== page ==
The Driverless Car

I hate to blog about another Google project, but this is at least as interesting as Project Glass if not more so.  Google is also doing significant work on a “driverless car.”  Anthony Levandowski, who is the product manager for the self-driving car, wants to bring this product to the market sooner rather than later.  He doesn’t want to “wait 10 years for the next model or body styles to come out to build this technology.”  The biggest thing standing in this product’s way is the discussion on the cost to insure it.  Two major issues present themselves to the self-driving car: 1) the possibility of this car being uninsurable; and 2) the possibility that the government will intervene.

Levandowski, however, feels that with the further improvement of software and sensors that this vehicle could drive itself safer than the average human driver.  The company designing this car has used this technology on cars and traveled for over 200,000 miles without human interference, a fact that somewhat eased the minds of many insurers.

Much like Project Glass discussed above, Google is not the only company attempting to construct an autonomous vehicle.  General Motors’ Cadillac brand has already been developing their Super Cruise technology, which allows for “fully automatic steering, braking and lane-centering in highway driving under certain optimal conditions.”  This technology does not provide a fully autonomous vehicle, but it does allow the driver to take his/her “hands off the wheel for a long period of time.”  Some of these Super Cruise features will be available in several of Cadillac’s 2013 models.

Several experts have stated that self-driving cars may never happen, and even Levandowski agreed to an extent.  He said that “vehicles would likely never reach the point where the driver could fall asleep at the wheel for the entire ride.”  Significant technological advancements need be made before a fully autonomous vehicle is possible.  Jeremy Salinger, a GM innovation program manager, was quoted in saying that in order “to become fully autonomous, the system has to have tremendously reliable sensing of what’s going on around it and all of the equipment that uses the information from the sensors has to be very, very reliable.”  So obviously a certain amount of reliability has to be attained that is not yet achievable.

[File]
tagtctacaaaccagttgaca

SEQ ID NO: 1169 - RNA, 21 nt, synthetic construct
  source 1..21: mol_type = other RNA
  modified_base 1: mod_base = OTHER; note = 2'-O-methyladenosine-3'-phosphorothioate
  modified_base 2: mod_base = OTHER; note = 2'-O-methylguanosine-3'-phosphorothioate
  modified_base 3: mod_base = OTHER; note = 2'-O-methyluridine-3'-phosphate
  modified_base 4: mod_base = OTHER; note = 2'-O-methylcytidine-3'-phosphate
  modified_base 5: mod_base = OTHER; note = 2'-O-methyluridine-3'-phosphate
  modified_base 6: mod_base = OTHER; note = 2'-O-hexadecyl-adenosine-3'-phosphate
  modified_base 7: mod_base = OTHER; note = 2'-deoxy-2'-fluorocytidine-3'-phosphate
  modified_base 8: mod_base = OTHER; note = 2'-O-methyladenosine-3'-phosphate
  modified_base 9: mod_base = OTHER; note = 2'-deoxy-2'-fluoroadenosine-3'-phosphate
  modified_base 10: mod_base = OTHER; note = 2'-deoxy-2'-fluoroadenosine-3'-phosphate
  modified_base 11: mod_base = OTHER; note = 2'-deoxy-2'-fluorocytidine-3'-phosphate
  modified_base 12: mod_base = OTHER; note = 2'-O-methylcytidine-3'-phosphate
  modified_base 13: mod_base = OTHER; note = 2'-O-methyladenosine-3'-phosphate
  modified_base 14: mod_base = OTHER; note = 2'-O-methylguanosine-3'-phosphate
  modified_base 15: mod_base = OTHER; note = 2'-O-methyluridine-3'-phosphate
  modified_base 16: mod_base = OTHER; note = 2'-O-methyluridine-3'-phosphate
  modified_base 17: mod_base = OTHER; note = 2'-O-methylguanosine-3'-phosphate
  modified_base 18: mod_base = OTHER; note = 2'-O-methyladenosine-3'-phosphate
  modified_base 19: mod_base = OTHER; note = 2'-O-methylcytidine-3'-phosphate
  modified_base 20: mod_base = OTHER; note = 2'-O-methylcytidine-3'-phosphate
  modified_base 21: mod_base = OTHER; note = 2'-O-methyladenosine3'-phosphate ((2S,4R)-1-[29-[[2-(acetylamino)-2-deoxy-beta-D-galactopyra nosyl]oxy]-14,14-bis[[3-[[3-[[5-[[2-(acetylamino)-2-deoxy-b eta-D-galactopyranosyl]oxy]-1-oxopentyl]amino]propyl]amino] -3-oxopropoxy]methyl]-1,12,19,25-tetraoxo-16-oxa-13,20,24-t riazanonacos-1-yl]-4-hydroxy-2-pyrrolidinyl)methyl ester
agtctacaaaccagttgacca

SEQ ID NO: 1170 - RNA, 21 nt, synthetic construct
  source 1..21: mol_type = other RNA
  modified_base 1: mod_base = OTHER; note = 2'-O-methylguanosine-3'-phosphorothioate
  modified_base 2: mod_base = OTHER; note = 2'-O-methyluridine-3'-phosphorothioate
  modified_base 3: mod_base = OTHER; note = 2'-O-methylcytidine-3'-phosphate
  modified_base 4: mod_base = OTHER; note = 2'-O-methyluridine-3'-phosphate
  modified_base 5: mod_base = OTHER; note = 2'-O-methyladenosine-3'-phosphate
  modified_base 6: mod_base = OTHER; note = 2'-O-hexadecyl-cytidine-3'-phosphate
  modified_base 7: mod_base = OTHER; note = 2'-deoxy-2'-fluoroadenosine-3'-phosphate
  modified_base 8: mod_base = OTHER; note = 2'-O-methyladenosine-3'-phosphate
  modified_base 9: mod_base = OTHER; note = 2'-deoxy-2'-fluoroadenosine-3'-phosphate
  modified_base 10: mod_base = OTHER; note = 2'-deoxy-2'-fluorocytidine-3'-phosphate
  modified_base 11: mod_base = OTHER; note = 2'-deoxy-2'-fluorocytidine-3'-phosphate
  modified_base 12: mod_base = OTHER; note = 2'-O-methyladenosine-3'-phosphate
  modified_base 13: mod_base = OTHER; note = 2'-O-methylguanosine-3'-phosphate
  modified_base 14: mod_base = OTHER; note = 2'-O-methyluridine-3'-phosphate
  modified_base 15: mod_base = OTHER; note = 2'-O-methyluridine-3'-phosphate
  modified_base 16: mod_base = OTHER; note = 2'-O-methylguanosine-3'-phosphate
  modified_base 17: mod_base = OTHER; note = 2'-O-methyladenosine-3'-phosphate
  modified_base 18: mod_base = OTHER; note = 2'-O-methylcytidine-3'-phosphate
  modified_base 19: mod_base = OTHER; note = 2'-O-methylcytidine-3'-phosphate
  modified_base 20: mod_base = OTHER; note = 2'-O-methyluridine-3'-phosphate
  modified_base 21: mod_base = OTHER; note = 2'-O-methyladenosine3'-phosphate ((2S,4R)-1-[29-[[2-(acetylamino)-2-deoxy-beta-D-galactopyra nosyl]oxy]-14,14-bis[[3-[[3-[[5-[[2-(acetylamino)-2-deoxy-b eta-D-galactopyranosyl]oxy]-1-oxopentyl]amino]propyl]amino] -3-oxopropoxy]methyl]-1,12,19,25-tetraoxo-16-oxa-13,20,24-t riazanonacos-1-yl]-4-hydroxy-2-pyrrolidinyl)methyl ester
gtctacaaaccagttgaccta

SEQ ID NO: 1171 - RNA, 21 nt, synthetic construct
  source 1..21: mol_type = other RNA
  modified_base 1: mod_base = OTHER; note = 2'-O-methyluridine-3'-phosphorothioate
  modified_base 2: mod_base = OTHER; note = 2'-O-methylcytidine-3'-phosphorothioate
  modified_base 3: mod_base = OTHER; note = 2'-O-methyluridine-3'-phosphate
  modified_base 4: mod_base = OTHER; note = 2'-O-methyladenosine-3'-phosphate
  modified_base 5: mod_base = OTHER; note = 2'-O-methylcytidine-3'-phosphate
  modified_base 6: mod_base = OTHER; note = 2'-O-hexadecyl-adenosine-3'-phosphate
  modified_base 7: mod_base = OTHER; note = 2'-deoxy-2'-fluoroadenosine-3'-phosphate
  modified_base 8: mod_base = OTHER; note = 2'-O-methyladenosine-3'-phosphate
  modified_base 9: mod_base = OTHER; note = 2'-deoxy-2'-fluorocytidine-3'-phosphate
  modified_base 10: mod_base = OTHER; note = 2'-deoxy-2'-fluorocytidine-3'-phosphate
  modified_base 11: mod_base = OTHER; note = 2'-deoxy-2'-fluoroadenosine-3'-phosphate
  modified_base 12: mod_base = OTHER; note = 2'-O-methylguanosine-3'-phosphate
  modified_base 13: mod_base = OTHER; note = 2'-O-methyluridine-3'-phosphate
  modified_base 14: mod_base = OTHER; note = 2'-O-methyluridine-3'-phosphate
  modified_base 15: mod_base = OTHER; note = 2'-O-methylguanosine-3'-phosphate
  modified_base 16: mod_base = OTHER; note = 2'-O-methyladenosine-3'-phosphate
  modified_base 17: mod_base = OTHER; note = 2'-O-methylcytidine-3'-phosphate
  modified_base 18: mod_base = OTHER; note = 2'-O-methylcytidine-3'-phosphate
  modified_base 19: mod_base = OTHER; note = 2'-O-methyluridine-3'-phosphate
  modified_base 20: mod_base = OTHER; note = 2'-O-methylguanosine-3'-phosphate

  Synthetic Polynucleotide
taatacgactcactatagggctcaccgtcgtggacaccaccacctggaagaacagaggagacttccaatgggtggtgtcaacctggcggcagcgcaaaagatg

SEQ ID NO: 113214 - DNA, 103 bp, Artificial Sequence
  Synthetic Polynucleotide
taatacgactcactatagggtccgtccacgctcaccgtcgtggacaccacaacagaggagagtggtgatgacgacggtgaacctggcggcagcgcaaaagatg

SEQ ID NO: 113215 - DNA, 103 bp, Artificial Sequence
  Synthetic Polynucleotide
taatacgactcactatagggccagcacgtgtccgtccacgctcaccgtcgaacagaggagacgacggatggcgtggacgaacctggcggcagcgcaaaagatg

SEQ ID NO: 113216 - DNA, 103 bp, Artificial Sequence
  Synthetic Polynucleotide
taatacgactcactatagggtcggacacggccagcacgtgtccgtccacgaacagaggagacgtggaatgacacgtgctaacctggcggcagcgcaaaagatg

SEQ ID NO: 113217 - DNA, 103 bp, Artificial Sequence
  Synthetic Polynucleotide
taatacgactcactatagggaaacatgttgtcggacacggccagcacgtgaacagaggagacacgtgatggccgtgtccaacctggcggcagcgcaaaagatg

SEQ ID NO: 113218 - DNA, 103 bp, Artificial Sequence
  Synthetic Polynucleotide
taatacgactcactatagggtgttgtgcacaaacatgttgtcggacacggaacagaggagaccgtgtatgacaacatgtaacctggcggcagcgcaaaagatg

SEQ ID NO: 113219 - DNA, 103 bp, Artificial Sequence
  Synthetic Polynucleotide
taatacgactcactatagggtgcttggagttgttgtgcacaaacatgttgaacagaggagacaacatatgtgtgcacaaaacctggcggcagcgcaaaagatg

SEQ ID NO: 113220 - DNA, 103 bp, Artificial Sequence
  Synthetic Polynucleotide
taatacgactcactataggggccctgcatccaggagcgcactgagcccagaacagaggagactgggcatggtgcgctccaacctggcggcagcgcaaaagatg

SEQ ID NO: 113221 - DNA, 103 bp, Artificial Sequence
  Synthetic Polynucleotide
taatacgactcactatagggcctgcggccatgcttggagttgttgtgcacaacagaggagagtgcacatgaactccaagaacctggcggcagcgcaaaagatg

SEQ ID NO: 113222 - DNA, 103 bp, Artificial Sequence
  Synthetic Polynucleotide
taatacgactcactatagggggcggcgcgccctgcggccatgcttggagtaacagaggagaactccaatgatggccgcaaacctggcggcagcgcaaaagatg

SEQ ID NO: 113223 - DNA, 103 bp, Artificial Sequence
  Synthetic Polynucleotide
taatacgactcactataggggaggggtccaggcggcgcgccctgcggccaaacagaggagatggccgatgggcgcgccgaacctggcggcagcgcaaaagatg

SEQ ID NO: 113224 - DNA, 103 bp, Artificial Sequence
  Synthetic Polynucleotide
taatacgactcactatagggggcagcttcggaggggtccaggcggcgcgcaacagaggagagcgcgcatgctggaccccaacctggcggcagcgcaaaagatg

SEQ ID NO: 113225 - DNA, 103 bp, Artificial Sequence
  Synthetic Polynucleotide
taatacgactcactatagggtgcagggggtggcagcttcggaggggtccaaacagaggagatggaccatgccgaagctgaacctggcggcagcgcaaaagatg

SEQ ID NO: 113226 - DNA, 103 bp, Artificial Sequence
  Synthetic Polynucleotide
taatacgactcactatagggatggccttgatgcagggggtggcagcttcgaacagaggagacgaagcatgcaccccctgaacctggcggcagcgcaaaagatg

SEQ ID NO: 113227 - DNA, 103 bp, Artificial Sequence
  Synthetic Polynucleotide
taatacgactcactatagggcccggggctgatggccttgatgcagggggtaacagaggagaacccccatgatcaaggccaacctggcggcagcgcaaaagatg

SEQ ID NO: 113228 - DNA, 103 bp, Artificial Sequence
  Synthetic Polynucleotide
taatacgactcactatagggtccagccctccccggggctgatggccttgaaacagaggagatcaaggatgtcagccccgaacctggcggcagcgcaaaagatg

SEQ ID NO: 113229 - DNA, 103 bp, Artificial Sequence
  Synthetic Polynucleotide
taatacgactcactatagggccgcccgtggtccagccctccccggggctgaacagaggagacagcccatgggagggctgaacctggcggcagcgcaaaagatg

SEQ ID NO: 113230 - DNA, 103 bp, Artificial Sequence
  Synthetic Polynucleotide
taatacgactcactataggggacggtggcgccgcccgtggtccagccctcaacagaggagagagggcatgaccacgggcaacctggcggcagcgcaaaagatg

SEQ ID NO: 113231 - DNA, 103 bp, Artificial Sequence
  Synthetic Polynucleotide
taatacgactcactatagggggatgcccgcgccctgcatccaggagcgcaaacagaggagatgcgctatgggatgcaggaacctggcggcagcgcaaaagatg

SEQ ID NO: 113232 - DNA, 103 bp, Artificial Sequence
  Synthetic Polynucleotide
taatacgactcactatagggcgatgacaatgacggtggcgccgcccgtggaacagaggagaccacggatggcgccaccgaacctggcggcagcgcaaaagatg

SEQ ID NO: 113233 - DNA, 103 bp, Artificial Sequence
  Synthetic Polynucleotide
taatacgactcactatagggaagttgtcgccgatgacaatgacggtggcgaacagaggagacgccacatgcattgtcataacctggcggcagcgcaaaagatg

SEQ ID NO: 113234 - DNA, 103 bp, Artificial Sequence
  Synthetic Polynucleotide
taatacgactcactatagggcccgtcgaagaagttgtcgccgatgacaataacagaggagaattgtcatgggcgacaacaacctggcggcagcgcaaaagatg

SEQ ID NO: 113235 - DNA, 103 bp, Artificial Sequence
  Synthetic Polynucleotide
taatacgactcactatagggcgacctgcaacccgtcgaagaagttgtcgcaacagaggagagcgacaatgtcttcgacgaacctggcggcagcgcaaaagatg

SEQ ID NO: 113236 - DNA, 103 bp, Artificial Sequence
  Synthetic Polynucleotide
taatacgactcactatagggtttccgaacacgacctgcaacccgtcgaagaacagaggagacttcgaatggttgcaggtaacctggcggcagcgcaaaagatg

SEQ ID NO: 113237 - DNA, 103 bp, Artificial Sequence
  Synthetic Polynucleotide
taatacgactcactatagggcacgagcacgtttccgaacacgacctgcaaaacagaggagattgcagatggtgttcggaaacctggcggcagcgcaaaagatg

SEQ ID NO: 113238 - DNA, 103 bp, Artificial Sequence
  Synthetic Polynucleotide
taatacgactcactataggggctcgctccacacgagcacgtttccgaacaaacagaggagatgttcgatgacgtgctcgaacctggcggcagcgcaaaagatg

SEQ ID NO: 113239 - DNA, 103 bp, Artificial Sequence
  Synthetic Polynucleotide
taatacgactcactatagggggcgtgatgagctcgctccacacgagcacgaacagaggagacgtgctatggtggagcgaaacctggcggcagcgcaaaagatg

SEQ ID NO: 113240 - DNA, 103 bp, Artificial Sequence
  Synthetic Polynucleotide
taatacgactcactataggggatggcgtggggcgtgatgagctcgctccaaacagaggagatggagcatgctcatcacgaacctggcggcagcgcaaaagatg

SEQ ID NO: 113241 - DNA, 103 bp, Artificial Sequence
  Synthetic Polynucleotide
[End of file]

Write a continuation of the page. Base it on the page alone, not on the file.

Some states, like Nevada and California, are trying to get a head start on others by already making sure that autonomous cars are legal; and Levandowski is hopeful that once the technology is proven to be safe that it will be allowed.  Google is currently looking to partner with a leader in the auto engineering industry in order to further advance the technology.  Levandowski was quoted in saying that “the biggest fear is not being able to inspire you guys because we need to work together on this.  The real danger is the failure of our imagination.”

This is yet another very cool project that Google is working on.  I would personally love to see a fully autonomous car in my lifetime, let alone the next 10 years.  I personally can’t stand long trips alone, and a vehicle like this may eventually get to the point where I can sleep and the car and get me to where I’m going.  I am very much looking forward to this exhilarating product.

Article: http://content.usatoday.com/communities/driveon/post/2012/04/google-driverless-car-free-rides/1#.T52hrauiFM4

11 thoughts on “The Driverless Car

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